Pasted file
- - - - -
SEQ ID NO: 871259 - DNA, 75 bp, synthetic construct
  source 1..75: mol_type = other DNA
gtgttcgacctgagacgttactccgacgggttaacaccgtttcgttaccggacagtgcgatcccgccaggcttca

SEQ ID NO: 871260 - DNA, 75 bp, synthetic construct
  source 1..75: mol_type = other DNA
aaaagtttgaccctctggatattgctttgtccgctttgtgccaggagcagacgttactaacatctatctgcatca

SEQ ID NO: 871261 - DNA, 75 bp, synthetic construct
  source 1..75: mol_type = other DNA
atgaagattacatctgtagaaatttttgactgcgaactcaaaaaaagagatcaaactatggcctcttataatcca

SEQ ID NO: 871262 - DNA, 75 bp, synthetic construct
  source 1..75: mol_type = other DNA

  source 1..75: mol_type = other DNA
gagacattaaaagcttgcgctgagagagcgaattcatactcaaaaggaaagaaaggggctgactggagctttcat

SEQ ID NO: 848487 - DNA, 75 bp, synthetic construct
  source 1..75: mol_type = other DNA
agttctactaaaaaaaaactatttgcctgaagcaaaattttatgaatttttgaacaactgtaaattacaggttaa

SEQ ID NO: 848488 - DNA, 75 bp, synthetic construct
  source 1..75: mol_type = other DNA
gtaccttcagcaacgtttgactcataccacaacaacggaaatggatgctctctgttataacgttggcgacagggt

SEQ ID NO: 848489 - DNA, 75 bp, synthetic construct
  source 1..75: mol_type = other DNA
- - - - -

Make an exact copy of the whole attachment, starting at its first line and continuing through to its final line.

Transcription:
SEQ ID NO: 871259 - DNA, 75 bp, synthetic construct
  source 1..75: mol_type = other DNA
gtgttcgacctgagacgttactccgacgggttaacaccgtttcgttaccggacagtgcgatcccgccaggcttca

SEQ ID NO: 871260 - DNA, 75 bp, synthetic construct
  source 1..75: mol_type = other DNA
aaaagtttgaccctctggatattgctttgtccgctttgtgccaggagcagacgttactaacatctatctgcatca

SEQ ID NO: 871261 - DNA, 75 bp, synthetic construct
  source 1..75: mol_type = other DNA
atgaagattacatctgtagaaatttttgactgcgaactcaaaaaaagagatcaaactatggcctcttataatcca

SEQ ID NO: 871262 - DNA, 75 bp, synthetic construct
  source 1..75: mol_type = other DNA

  source 1..75: mol_type = other DNA
gagacattaaaagcttgcgctgagagagcgaattcatactcaaaaggaaagaaaggggctgactggagctttcat

SEQ ID NO: 848487 - DNA, 75 bp, synthetic construct
  source 1..75: mol_type = other DNA
agttctactaaaaaaaaactatttgcctgaagcaaaattttatgaatttttgaacaactgtaaattacaggttaa

SEQ ID NO: 848488 - DNA, 75 bp, synthetic construct
  source 1..75: mol_type = other DNA
gtaccttcagcaacgtttgactcataccacaacaacggaaatggatgctctctgttataacgttggcgacagggt

SEQ ID NO: 848489 - DNA, 75 bp, synthetic construct
  source 1..75: mol_type = other DNA